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PHOTOS: Royals in the jungle: Will and Kate@Kaziranga

Source: PTI
Last updated on: April 13, 2016 18:40 IST
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British royal couple Prince William and Princess Kate Middleton on Thursday visited the Kaziranga National Park in a jeep safari.

ENTER THE ANIMAL KINGDOM: Prince William, Duke of Cambridge, and his wife Catherine help out in feeding baby elephants at the Kaziranga National Park in Assam. Photograph: Heathcliff O'Malley/ Getty Images

Wearing the Assamese honour scarf bihuwan, they sat in an open jeep with security vehicles escorting them into the Bagori range of the world heritage site known for one-horned rhinos.

They also went to the Dunga and Rowmari Forest camps mostly inhabitated by rhinos and tigers in the park.

LOOK AT THE ANIMALS, HONEY: Prince William points his wife Catherine to a wild animal at the National Park. Photograph: Heathcliff O'Malley/ Getty Images

After they came out of the park, officials accompanying the Duke and the Duchess of Cambridge briefed the waiting journalists at the gate of KNP saying the couple saw rhinos, buck deer, buffaloes and many other animals.

I'M A BIG EATER: Catherine, Duchess of Cambridge, feeds a baby elephant at the Centre for Wildlife Rehabilitation and Conservation at Panbari reserve forest in Kaziranga. Photograph: Adnan Abidi/ Reuters

They had breakfast at Bimoli camp and interacted with the KNP frontline staff asking about the habits of rhinos and elephants, the officials said.

RHINO RECREATION: Kate pats the back of baby rhino. Photograph: Adnan Abidi/ Reuters

They also enquired about the anti-poaching measures and if they were satisfied with the efforts.

Prince William enquired about the challenges they faced in their efforts to keep the animals safe from poachers and if they required superior weapons.

JUST LIKE JUNGLE BOOK: Kate feeds a baby rhino. Photograph: Adnan Abidi/ Reuters

The Duke and Dutchess also asked about the families of the forest personnel, they said.

The couple was informed about forest conservation efforts and anti-poaching measures adopted to reduce the killing of rhinos by poachers.

EVEN A PRINCE BOWS DOWN TO ME: Prince William bends down to feed milk to a baby elephant. Photograph: Adnan Abidi/ Reuters

Before setting out on the safari, the royal couple was welcomed in front of the Kaziranga Infomation Centre by Principal Chief Conservator of Forest O P Pandey and Additional PCCF N K Yadav with the traditional bihuwan.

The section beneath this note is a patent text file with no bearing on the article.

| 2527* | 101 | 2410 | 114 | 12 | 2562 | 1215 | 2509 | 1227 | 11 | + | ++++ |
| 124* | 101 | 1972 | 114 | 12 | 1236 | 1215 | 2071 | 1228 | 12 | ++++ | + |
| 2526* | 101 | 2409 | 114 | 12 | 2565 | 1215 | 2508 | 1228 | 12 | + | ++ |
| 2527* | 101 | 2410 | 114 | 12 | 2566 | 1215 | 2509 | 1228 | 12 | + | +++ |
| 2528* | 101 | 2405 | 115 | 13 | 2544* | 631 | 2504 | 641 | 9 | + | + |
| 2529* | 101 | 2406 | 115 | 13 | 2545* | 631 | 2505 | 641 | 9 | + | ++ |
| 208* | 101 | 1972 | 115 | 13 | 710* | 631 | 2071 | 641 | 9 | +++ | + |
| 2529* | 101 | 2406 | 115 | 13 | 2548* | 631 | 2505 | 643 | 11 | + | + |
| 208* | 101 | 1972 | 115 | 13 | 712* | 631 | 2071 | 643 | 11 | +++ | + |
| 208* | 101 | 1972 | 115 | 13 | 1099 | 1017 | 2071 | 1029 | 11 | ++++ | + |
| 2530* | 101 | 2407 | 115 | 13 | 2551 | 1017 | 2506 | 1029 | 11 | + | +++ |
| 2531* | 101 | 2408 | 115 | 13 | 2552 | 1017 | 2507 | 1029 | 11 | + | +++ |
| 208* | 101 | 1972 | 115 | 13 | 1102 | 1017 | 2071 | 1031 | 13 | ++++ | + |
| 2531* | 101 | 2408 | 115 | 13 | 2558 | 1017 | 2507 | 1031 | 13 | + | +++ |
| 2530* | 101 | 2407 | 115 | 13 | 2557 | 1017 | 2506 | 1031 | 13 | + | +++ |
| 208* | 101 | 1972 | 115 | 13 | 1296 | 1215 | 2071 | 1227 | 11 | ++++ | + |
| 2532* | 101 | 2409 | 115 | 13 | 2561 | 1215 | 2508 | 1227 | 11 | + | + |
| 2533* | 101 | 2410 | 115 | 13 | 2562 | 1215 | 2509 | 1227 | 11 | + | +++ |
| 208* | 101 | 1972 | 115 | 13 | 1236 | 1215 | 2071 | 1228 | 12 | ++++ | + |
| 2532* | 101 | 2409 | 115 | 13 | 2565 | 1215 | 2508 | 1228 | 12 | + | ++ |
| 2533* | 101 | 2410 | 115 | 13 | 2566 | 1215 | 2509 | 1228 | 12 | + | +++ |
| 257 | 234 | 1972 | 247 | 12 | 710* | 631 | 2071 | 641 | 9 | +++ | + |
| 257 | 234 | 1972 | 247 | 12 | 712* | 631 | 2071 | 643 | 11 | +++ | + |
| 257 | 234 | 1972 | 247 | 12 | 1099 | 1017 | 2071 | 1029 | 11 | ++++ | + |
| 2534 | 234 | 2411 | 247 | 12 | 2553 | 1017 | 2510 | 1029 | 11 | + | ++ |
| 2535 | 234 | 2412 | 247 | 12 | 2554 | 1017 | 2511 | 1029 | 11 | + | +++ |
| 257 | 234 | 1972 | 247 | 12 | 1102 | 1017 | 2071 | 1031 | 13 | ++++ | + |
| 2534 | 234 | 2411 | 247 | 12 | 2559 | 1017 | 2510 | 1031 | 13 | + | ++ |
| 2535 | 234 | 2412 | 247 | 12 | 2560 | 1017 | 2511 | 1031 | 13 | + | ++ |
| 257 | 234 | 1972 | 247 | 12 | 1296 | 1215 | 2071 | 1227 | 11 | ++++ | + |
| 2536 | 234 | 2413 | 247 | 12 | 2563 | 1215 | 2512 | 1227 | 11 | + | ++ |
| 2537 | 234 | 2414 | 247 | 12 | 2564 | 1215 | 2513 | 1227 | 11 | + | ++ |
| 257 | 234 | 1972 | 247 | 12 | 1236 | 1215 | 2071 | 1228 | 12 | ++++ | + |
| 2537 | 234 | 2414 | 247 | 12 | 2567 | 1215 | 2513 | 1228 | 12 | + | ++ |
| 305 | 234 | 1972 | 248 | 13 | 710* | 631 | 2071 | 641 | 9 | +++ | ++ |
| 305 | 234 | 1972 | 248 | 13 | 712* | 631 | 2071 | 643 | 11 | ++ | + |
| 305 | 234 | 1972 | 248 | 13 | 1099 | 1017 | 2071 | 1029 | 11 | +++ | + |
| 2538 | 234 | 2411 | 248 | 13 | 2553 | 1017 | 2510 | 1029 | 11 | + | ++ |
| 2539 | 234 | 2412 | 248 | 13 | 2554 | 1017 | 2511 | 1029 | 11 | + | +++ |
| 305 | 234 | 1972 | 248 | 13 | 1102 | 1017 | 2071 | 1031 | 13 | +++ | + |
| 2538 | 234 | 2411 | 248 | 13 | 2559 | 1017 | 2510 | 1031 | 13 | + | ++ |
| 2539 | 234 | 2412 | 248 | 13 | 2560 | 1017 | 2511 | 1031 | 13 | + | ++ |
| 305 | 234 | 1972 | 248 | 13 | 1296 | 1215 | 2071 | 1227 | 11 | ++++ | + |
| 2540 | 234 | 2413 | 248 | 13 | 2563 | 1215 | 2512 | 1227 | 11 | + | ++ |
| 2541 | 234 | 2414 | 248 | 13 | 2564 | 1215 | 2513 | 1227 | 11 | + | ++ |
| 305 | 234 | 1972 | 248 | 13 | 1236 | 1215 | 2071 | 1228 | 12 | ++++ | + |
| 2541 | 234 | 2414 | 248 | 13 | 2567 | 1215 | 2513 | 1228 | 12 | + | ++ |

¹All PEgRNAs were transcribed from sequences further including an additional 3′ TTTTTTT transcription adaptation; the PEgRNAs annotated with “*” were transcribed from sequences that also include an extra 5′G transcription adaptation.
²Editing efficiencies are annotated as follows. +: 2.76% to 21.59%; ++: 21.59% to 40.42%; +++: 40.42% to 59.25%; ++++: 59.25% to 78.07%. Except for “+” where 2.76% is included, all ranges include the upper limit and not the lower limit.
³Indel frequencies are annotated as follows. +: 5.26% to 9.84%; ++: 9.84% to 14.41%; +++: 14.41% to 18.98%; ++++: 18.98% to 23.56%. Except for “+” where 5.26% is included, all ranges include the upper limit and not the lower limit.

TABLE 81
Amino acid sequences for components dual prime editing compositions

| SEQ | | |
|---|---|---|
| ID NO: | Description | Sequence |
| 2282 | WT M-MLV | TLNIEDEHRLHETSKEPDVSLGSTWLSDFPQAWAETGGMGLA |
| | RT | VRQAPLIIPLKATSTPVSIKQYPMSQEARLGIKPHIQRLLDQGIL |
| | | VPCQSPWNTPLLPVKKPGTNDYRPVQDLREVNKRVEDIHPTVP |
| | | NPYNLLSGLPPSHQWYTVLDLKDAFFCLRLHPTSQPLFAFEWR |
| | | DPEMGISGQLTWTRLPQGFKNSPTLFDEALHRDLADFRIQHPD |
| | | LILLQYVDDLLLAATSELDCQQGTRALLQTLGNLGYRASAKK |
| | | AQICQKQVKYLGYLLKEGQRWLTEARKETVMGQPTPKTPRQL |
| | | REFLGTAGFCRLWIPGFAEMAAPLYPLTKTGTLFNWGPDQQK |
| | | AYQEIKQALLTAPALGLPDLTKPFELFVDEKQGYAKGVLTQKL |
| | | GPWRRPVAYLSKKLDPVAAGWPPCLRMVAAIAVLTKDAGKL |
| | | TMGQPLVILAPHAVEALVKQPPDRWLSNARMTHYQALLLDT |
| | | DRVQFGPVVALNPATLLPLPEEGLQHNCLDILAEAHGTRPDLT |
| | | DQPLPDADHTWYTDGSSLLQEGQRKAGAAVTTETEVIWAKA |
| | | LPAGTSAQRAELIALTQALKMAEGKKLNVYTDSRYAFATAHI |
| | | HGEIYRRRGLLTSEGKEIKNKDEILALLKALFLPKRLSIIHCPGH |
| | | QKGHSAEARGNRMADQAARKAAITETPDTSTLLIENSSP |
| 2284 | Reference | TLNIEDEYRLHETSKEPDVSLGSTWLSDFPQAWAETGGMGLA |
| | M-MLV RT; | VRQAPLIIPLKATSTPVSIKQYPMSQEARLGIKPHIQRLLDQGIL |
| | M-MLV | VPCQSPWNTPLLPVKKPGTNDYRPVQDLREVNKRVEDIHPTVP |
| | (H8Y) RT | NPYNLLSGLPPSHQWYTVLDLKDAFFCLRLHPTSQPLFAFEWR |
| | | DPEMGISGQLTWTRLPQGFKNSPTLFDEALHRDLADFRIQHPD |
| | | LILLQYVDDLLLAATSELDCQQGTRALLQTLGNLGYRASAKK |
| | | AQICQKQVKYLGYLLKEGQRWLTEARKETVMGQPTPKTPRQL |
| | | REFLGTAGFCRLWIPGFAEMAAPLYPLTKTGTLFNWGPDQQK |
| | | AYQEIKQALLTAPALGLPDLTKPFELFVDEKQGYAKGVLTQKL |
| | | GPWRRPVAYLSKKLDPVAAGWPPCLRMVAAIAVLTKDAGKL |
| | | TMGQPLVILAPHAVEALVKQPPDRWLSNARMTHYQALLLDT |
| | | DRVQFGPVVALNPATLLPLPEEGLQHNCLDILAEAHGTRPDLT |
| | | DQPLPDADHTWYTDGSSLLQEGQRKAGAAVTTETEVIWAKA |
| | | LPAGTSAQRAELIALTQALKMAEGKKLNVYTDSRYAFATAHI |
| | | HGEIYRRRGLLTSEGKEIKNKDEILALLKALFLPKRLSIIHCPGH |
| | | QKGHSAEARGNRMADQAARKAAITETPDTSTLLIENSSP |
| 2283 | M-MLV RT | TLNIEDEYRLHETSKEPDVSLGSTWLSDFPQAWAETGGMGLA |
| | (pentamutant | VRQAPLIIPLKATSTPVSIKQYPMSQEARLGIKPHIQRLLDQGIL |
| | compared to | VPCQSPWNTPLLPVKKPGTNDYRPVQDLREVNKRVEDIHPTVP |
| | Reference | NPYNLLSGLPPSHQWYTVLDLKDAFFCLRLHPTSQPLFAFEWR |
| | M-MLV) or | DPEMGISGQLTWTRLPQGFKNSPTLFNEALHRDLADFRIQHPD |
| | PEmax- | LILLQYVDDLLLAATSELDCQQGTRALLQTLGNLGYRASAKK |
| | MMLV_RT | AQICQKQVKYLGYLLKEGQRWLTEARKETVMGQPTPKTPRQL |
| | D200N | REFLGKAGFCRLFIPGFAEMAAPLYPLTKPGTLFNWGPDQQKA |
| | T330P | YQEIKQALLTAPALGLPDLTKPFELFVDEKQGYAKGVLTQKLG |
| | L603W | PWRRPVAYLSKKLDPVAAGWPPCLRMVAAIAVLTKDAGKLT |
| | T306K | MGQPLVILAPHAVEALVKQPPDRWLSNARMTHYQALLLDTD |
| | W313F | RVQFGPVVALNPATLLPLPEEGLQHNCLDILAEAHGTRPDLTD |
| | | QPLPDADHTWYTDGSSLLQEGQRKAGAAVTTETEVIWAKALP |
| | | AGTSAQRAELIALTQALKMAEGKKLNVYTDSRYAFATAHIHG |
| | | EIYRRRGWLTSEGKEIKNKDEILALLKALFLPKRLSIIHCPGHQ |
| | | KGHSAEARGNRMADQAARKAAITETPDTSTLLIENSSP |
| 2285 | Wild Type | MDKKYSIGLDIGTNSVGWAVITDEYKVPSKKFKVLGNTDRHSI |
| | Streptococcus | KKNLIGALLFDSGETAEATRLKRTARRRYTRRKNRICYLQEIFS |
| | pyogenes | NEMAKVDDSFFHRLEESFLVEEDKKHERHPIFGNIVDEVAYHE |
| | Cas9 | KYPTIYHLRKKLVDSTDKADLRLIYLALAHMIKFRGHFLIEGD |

They read in detail the map of the park and information about the animals with senior forest officials explaining to them where the animals could be spotted.

ALL SMILES: Kate and William share a light moment during the safari through Kaziranga National Park. Photograph: Heathcliff O'Malley/ Getty Images

The royal couple had on Wednesday arrived at Tezpur on a two-day visit.

After a 90-minute drive from Tezpur Airport, they came to the Diphlu River Lodge in Kaziranga where they were entertained with Assam's folk dance Bihu and Jhumur dance of the tea tribes.

CEREMONY ABOUND: The royal couple was honoured with the Assamese scarf bihuwan. Photograph: Heathcliff O'Malley/ Getty Images

Before the dance performances started, they observed the tradition of offering a 'horai' (bell metal plate with a stand) of 'paan-tambul' (betel nuts) with 'dokhina' (offerings) to the 'Gurujona' (God) for peace and prosperity of all.

The Duke and Duchess interacted with the dancers, drum players and pepa (local flute) players and Prince William even attempted to blow a pepa.

BETTER THAN A CONVERTIBLE: Prince William and his wife Kate enjoyed the safari whilst riding on an open jeep. Photograph: Heathcliff O'Malley/ Getty Images

He asked one pepa player Ankur Phukan from the bihu troupe at what age he started playing the instrument.

Before setting out on the safari, they soaked in the view from the sight seeing tower of the Diflu River Lodge while having their morning tea.


EYE TO EYE: 'We're all safe' Kate is said to have told her husband William as the adventurous safari ride came to its conclusion. Photograph: PTI

Both the Duke and Duchess are scheduled to visit the Kaziranga Discovery Centre, where the Mark Shand Asian Elephant Learning Centre is situated, to see and know the activities of the Captive Elephant Clinic which completed 4883 cases.

The royal couple will also be briefed about efforts to protect the Asian Elephants by the local people of Rong Terang village, considered friends of Mark Roland Shand, a renowned travel writer and conservationist.

BORN TO BE WILD: William, a keen conservationist and president of the United for Wildlife conservation group, has long wanted to visit Kaziranga. Photograph: Heathcliff O'Malley/ Getty Images

Shand was the brother of Duchess of Cornwall Camilla and the co-founder of the Foundation of Elephant Family in 2002. 

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